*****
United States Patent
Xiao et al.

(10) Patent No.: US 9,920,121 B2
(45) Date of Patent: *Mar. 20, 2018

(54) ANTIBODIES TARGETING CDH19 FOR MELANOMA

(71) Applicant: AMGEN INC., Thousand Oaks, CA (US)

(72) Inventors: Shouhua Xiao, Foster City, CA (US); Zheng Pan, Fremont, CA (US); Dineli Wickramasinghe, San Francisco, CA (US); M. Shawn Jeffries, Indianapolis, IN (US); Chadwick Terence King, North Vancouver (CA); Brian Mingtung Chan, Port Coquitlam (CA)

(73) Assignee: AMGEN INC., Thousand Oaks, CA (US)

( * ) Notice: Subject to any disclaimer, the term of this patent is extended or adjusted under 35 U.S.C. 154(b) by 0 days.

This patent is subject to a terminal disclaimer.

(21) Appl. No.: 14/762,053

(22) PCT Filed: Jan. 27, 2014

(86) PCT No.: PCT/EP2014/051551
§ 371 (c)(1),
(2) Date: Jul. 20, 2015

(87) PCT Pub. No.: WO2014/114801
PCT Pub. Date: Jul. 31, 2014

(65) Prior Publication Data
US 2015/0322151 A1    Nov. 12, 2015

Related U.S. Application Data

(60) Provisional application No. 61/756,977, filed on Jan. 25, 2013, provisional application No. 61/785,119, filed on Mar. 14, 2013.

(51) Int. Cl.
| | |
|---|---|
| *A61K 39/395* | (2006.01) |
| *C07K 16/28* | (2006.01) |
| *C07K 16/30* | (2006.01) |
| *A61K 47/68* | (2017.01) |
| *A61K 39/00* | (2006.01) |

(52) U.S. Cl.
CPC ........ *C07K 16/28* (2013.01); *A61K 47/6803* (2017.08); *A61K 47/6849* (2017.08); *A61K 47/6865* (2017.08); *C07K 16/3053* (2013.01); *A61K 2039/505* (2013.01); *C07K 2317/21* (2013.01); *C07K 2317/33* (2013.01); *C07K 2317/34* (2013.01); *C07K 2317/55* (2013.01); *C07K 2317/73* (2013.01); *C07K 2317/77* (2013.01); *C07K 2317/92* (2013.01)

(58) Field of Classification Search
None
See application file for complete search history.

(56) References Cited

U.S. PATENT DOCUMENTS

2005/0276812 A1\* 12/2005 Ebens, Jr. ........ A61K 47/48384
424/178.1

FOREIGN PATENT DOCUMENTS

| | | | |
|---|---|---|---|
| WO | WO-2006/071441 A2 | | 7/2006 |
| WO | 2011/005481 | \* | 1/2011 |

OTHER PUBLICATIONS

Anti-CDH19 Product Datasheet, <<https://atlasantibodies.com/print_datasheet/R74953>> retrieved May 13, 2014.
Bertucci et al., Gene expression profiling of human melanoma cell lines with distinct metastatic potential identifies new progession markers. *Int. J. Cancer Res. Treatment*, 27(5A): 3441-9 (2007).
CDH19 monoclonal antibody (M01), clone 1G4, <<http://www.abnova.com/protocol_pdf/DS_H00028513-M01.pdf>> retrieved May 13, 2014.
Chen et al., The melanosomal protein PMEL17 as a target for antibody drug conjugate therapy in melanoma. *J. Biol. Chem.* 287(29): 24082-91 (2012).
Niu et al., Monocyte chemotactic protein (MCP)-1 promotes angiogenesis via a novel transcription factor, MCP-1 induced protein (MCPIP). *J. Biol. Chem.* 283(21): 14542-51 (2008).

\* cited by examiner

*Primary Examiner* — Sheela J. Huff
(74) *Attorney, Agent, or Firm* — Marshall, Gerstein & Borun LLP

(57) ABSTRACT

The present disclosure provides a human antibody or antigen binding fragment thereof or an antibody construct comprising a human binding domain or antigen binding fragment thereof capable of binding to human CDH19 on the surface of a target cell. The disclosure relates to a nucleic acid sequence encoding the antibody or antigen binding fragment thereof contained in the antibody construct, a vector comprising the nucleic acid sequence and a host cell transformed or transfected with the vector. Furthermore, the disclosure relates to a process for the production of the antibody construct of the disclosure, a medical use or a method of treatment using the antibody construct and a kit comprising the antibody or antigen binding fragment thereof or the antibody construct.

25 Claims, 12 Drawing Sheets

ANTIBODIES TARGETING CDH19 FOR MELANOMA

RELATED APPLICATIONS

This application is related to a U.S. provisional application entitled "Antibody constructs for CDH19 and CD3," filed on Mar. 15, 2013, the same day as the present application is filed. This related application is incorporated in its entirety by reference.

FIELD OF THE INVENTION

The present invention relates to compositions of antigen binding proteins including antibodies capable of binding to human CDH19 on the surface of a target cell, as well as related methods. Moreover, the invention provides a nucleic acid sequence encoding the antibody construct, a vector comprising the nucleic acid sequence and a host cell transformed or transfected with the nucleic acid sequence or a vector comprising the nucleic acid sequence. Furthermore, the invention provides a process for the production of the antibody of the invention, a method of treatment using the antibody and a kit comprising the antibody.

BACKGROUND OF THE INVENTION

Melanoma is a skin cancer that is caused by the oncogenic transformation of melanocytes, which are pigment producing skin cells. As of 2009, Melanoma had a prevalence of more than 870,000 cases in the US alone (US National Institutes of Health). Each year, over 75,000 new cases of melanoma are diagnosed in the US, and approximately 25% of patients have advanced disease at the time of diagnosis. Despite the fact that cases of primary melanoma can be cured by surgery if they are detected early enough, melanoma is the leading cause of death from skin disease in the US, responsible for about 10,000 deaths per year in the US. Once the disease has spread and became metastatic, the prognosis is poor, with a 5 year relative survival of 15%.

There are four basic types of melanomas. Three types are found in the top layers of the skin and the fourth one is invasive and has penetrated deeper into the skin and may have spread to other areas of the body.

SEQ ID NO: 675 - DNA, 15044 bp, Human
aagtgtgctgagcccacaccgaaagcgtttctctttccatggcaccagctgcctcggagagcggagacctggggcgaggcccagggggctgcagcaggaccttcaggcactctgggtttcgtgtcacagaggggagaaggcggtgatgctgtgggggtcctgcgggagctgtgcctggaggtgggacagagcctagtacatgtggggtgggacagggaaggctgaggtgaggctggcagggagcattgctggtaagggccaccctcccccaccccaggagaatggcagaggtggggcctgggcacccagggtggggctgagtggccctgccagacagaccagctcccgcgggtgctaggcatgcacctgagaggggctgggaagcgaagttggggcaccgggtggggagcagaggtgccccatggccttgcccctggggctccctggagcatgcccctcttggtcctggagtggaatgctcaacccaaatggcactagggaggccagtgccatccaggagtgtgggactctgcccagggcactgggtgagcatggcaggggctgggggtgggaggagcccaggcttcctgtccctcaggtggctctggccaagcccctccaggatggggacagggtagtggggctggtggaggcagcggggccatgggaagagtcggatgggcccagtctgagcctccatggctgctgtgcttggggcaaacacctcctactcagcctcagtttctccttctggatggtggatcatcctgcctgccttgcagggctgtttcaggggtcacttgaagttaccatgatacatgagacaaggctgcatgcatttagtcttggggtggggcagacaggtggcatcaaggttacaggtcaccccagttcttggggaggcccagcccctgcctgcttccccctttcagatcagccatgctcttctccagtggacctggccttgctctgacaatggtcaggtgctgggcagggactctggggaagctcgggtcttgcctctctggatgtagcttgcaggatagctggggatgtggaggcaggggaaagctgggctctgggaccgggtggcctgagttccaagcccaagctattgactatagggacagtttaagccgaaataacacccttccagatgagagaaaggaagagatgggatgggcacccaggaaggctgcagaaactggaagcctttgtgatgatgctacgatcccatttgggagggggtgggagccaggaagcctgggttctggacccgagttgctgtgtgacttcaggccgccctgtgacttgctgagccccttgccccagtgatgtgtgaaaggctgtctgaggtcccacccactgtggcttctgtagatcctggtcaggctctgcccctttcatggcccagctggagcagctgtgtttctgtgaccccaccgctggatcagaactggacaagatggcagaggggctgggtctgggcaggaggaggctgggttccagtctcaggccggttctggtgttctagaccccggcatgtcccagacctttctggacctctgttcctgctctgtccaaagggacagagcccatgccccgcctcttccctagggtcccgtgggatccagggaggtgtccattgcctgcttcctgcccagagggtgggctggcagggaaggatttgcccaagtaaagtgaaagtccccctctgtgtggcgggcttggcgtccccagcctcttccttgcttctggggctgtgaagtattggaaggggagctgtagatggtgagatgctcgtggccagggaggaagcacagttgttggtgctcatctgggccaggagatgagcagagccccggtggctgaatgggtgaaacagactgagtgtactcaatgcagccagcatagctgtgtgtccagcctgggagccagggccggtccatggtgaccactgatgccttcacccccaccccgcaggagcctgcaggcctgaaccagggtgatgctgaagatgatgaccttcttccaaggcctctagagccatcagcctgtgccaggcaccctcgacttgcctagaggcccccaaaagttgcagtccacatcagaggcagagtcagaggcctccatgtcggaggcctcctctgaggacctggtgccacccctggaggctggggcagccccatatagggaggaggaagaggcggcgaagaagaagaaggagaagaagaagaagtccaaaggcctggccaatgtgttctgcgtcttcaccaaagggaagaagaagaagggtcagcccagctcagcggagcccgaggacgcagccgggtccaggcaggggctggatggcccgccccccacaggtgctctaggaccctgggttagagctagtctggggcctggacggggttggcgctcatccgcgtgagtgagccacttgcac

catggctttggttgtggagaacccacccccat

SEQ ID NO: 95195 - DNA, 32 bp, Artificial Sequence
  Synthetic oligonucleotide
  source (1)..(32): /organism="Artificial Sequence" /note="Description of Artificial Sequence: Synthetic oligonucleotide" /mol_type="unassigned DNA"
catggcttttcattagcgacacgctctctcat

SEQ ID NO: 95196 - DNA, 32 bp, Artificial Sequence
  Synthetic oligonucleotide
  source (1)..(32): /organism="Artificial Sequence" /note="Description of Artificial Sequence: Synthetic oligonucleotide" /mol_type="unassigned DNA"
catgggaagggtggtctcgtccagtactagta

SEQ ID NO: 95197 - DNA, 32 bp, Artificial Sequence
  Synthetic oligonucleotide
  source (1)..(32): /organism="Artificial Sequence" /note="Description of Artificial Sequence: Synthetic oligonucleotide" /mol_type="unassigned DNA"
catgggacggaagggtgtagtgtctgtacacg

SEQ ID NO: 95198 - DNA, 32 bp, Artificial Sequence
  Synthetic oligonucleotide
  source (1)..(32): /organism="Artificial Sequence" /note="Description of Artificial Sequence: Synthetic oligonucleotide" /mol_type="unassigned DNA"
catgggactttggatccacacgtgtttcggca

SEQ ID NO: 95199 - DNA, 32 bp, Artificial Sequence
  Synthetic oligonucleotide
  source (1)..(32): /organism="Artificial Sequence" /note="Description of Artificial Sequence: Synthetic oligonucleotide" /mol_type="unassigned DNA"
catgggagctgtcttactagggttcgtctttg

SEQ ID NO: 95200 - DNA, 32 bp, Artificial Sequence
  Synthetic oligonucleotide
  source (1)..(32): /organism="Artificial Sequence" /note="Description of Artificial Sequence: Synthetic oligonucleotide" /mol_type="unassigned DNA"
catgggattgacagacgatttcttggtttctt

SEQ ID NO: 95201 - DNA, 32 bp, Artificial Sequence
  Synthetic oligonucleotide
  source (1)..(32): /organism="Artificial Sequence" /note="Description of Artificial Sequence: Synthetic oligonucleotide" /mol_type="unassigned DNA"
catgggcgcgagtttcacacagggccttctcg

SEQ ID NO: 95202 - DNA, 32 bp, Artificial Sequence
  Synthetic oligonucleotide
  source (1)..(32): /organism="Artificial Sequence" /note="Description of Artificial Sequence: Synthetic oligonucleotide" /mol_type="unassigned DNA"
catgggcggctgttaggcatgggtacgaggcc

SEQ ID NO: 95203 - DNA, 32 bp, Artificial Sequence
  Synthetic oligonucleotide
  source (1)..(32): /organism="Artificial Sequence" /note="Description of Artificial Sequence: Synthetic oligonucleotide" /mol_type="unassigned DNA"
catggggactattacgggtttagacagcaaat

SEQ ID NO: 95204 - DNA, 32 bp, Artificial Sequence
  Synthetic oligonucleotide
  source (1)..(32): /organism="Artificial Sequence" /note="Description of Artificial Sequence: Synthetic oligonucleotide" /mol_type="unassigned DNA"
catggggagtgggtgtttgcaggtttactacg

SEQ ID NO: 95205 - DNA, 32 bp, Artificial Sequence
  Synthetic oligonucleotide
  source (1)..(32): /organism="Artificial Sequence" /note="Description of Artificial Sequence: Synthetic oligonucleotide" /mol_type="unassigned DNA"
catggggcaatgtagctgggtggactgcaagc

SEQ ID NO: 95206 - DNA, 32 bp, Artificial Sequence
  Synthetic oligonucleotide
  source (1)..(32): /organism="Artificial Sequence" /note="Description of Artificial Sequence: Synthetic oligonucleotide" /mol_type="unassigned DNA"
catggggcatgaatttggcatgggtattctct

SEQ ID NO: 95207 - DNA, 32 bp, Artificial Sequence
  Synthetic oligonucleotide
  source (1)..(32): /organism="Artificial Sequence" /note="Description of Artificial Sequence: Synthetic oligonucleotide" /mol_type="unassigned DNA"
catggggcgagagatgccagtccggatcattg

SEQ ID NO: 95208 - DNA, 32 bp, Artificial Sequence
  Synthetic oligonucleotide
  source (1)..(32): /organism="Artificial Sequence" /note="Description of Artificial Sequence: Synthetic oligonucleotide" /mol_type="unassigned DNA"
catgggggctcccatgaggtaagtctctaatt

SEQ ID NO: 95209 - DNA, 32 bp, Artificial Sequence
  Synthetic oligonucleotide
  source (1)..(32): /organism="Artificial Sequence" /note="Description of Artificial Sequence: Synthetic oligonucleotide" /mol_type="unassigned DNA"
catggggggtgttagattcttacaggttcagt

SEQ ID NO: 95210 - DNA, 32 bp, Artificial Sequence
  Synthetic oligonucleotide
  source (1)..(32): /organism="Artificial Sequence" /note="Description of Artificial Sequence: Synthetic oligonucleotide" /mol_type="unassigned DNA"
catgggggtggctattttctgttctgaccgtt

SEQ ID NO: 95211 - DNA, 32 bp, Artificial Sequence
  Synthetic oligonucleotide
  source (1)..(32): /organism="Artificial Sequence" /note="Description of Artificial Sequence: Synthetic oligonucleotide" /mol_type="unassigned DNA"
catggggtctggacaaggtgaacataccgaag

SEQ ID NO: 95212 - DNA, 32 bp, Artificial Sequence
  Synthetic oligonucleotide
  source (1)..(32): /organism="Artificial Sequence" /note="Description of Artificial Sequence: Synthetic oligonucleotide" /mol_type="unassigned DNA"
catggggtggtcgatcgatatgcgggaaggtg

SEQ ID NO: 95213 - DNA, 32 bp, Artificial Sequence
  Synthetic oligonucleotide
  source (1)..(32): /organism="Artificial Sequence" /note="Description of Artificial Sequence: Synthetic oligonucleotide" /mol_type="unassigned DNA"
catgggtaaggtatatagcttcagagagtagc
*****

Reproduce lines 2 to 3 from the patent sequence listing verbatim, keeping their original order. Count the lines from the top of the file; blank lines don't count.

Xiao et al.

(10) Patent No.: US 9,920,121 B2